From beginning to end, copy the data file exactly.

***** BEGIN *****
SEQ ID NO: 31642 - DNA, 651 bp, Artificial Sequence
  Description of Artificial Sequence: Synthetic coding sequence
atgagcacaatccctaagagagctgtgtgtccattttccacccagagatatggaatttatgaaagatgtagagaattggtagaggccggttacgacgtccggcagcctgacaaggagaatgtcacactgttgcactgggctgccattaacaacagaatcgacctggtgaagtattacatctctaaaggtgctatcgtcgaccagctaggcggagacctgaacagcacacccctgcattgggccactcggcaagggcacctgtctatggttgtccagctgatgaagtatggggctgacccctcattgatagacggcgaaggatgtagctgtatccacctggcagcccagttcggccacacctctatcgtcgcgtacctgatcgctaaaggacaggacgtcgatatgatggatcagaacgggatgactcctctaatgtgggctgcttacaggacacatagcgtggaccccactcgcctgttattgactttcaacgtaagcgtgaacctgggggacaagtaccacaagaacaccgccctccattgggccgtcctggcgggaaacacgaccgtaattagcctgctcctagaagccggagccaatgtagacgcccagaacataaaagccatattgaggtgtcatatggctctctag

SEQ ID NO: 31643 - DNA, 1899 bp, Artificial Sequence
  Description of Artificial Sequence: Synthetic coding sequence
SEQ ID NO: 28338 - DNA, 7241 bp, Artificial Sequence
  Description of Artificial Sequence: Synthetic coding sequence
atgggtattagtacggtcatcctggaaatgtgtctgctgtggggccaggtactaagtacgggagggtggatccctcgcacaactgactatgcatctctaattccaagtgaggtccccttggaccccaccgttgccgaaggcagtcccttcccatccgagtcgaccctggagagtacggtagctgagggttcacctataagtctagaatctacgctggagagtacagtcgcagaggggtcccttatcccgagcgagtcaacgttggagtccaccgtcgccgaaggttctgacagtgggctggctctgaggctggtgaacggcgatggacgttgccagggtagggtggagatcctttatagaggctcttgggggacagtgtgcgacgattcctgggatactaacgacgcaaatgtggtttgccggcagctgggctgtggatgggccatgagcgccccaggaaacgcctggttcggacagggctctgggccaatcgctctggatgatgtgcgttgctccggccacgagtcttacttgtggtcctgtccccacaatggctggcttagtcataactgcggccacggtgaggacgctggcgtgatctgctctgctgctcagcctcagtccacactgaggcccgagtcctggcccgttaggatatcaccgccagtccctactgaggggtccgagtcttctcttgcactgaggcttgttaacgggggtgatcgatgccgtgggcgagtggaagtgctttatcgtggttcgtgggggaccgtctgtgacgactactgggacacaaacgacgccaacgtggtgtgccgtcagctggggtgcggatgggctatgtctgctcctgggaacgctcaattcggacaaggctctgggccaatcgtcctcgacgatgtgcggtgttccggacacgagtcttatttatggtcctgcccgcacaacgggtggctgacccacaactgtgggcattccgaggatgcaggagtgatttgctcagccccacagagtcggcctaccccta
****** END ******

SEQ ID NO: 31642 - DNA, 651 bp, Artificial Sequence
  Description of Artificial Sequence: Synthetic coding sequence
atgagcacaatccctaagagagctgtgtgtccattttccacccagagatatggaatttatgaaagatgtagagaattggtagaggccggttacgacgtccggcagcctgacaaggagaatgtcacactgttgcactgggctgccattaacaacagaatcgacctggtgaagtattacatctctaaaggtgctatcgtcgaccagctaggcggagacctgaacagcacacccctgcattgggccactcggcaagggcacctgtctatggttgtccagctgatgaagtatggggctgacccctcattgatagacggcgaaggatgtagctgtatccacctggcagcccagttcggccacacctctatcgtcgcgtacctgatcgctaaaggacaggacgtcgatatgatggatcagaacgggatgactcctctaatgtgggctgcttacaggacacatagcgtggaccccactcgcctgttattgactttcaacgtaagcgtgaacctgggggacaagtaccacaagaacaccgccctccattgggccgtcctggcgggaaacacgaccgtaattagcctgctcctagaagccggagccaatgtagacgcccagaacataaaagccatattgaggtgtcatatggctctctag

SEQ ID NO: 31643 - DNA, 1899 bp, Artificial Sequence
  Description of Artificial Sequence: Synthetic coding sequence
SEQ ID NO: 28338 - DNA, 7241 bp, Artificial Sequence
  Description of Artificial Sequence: Synthetic coding sequence
atgggtattagtacggtcatcctggaaatgtgtctgctgtggggccaggtactaagtacgggagggtggatccctcgcacaactgactatgcatctctaattccaagtgaggtccccttggaccccaccgttgccgaaggcagtcccttcccatccgagtcgaccctggagagtacggtagctgagggttcacctataagtctagaatctacgctggagagtacagtcgcagaggggtcccttatcccgagcgagtcaacgttggagtccaccgtcgccgaaggttctgacagtgggctggctctgaggctggtgaacggcgatggacgttgccagggtagggtggagatcctttatagaggctcttgggggacagtgtgcgacgattcctgggatactaacgacgcaaatgtggtttgccggcagctgggctgtggatgggccatgagcgccccaggaaacgcctggttcggacagggctctgggccaatcgctctggatgatgtgcgttgctccggccacgagtcttacttgtggtcctgtccccacaatggctggcttagtcataactgcggccacggtgaggacgctggcgtgatctgctctgctgctcagcctcagtccacactgaggcccgagtcctggcccgttaggatatcaccgccagtccctactgaggggtccgagtcttctcttgcactgaggcttgttaacgggggtgatcgatgccgtgggcgagtggaagtgctttatcgtggttcgtgggggaccgtctgtgacgactactgggacacaaacgacgccaacgtggtgtgccgtcagctggggtgcggatgggctatgtctgctcctgggaacgctcaattcggacaaggctctgggccaatcgtcctcgacgatgtgcggtgttccggacacgagtcttatttatggtcctgcccgcacaacgggtggctgacccacaactgtgggcattccgaggatgcaggagtgatttgctcagccccacagagtcggcctaccccta